Some things to talk about while we console ourselves after Altuve lost #FaceofMLB...
1) Royal, again, on CSN Houston
Not sure how to respond to this. It appears there could be "hope" flooding into the CSN Houston mess. John Royal over at the Houston Press compares the Astros situation to the Orioles, which Jonah Keri describes here. After running through the similarities, Royal draws this conclusion:
If the Orioles and MASN are an example, then CSN Houston can be a huge cash cow for the Houston Astros. It's going to take a little patience for the Astros (and some short term money losses), but the promise is there.
We are not lawyers. Well, there may be law-affiliated writers on this site. I'm not sure. But, I know that I am not a lawyer. So, when discussing this incredibly detailed, incredibly large-scoped RSN deal Houston has struggled with for years now, I tend to simplify. It's all about carriage deals. It's all tied into the bankruptcy.
It's not that simple. Royal does a great job of illustrating that. While it may be asking a lot of Jim Crane to be patient, it's certainly asking a lot of Astros and Rockets fans.
2) Luhnow cribbing from Rickey?
I'm currently running through Dollar Sign on the Muscle, which Baseball Prospectus so gallantly reprinted this year, complete with a forward by Astros scouting guy Kevin Goldstein, and am having lots of thoughts. I love books like this, where I can read it and just have connections fire all over the place on other topics.
It's still early in the book, but one of the first chapters deals with scouting before 1981 (when the book takes place). In the brief overview of scouting, it talks about what Branch Rickey did in building up the first "farm systems." Rickey wanted to build "qualilty out of quantity," meaning if he bought enough players, eventually the cream rises to the top.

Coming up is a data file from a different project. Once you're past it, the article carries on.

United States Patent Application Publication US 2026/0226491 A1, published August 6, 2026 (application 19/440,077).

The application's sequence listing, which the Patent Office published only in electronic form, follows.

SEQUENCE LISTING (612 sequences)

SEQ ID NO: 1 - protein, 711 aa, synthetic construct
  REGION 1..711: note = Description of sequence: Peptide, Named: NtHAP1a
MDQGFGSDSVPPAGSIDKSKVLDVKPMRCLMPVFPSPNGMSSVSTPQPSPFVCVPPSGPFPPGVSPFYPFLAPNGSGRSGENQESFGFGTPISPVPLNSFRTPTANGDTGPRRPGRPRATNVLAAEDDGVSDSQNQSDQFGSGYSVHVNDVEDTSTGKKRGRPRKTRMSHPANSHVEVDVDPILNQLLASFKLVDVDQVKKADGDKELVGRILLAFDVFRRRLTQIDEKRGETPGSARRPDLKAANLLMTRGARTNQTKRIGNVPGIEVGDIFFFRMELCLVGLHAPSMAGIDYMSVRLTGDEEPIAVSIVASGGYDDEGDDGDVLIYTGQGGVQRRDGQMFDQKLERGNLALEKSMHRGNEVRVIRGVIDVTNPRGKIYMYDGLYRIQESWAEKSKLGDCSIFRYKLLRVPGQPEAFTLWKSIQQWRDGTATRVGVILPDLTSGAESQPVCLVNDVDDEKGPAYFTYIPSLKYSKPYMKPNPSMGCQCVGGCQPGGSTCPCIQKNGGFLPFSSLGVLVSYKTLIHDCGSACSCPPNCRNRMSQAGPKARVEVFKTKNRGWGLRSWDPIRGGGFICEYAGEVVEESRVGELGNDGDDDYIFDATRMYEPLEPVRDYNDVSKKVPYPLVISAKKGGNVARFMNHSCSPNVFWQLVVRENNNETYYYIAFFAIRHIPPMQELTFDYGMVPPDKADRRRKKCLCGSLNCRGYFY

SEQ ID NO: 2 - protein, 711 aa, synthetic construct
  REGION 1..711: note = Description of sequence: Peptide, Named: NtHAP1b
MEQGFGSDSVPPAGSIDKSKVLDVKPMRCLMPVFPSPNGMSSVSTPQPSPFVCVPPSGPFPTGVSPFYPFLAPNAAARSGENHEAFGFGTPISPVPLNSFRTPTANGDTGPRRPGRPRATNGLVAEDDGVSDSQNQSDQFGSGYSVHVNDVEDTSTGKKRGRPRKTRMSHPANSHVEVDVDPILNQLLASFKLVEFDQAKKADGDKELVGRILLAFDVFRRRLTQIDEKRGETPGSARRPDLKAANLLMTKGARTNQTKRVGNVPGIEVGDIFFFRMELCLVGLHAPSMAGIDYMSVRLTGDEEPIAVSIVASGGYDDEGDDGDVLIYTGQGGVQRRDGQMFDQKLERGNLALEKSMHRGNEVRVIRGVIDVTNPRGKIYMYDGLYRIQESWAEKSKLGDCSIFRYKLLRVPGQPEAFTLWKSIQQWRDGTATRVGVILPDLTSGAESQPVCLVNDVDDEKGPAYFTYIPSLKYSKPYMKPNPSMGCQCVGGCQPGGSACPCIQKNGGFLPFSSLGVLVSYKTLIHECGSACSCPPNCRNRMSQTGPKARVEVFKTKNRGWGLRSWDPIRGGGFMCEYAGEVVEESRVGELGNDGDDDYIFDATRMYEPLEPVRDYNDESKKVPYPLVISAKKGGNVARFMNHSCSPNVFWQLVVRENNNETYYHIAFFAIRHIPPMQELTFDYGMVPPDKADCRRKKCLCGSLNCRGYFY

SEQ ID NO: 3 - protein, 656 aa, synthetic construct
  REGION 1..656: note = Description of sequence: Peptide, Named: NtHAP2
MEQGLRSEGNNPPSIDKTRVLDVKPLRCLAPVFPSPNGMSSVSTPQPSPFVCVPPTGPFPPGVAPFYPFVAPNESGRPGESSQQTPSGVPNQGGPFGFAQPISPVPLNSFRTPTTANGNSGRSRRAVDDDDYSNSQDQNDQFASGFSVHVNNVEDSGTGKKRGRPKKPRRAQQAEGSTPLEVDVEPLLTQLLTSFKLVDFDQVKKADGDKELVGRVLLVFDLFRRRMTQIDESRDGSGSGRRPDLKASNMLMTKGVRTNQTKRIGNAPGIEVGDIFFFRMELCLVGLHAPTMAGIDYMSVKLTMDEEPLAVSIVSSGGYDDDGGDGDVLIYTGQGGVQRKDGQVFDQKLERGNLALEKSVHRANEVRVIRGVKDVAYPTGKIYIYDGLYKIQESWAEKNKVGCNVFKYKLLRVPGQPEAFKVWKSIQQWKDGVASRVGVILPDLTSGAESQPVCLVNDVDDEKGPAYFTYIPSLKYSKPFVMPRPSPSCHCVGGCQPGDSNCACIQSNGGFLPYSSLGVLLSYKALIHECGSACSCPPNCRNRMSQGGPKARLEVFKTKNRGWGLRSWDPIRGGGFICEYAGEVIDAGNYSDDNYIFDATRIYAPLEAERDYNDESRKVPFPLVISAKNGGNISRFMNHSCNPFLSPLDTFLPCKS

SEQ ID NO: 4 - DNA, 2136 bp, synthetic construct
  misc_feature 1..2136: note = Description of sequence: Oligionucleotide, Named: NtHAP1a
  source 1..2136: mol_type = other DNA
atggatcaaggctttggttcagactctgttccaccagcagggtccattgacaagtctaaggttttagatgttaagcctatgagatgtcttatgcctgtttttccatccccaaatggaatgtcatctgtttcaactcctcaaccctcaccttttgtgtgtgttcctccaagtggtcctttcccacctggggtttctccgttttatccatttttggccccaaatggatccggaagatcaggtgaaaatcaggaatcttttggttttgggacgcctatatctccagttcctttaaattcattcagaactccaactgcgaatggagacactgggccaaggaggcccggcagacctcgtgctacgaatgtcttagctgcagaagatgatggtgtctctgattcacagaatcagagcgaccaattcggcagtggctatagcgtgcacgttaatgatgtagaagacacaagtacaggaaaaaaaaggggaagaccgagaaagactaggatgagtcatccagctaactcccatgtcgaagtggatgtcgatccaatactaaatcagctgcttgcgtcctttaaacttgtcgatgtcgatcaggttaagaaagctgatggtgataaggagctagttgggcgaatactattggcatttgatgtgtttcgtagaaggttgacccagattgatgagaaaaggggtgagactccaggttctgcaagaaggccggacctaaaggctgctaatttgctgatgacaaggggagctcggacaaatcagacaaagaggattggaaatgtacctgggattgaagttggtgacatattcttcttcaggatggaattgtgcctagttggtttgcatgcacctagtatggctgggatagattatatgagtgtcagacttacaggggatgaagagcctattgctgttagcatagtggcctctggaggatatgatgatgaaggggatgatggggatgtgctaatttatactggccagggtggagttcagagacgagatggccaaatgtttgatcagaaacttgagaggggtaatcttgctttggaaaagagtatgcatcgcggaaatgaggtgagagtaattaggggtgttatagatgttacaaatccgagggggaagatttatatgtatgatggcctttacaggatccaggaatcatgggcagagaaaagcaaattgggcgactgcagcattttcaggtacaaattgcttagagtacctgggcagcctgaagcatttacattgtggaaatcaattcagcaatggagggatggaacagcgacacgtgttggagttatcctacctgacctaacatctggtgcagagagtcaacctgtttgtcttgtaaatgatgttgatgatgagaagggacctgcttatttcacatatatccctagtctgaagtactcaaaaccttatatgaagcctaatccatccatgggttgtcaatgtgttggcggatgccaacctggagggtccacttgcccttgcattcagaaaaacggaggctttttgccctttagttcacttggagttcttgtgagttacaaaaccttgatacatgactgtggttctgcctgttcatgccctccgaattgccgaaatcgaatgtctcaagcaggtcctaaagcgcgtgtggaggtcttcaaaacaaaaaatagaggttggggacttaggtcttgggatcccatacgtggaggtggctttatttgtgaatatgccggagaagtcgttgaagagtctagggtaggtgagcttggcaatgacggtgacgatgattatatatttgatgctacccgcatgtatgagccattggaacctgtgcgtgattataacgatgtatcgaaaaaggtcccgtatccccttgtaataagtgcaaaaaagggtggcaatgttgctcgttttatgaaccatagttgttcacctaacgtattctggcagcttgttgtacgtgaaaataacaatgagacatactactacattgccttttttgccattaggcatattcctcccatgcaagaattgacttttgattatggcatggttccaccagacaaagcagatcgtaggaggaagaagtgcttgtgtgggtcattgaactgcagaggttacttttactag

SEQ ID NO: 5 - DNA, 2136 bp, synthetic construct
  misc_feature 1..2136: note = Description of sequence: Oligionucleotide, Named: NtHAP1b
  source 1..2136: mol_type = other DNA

That's exactly what Jeff Luhnow and his team are trying to do with the Astros minor league system. Not only did they quickly work to flood the system with prospect depth (quantity), they've continued to do so. So what if they have a glut of second basemen? Let's add Torreyes and Tony Kemp. Instead of spending a bunch on one player in the draft, let's turn Carlos Correa's below slot deal into multiple high school guys.
Luhnow is also reaching out to other untapped sources to accomplish that same purpose. If other teams aren't scouting the Mexican Leagues carefully, Houston was going to snap up the best of the best there. In effect, they added a new level of their farm system with those two signings of Japhet Amador and Leo Heras.
Oh, and it's also exactly what the Astros are doing in the Dominican. Instead of signing the top of the heap guys for multiple IFA slots, they're getting quantity. They're signing a bunch of 16-year-old kids and seeing which ones rise to the top.
Basically, what I realized is that Luhnow's plan isn't new, but it has been proven to work before. It's incredibly encouraging and shows that even if Luhnow didn't have a ton of "baseball experience," he does understand how to build a farm uncannily well.
3) TCB gets hectic
Well, TCB is shaking off its winter rust and getting into gear. As you may have noticed, our posting frequency is heating up. Later this week, Tim will unveil the 2014 version of TCB's March Madness, which means there will be plenty of voting and posting going on with that. We've got the daily link(s) going up along with much, much more analysis and the like. We've also got a few new writers who will be coming on board soon.
So, make sure to stop back by a few times each day, including in the afternoon. At least for now, we'll probably be pushing this feature back into the afternoon to give our morning content some time to be seen. You're excited by spring training. We're excited by spring training. We'll try to bring you some cool ways to talk about the game.
Thanks, too, to all our commenters and readers. One of the big reasons why this is exciting is that we get to talk Astros baseball with all of you again. It makes this job very, very easy and enjoyable.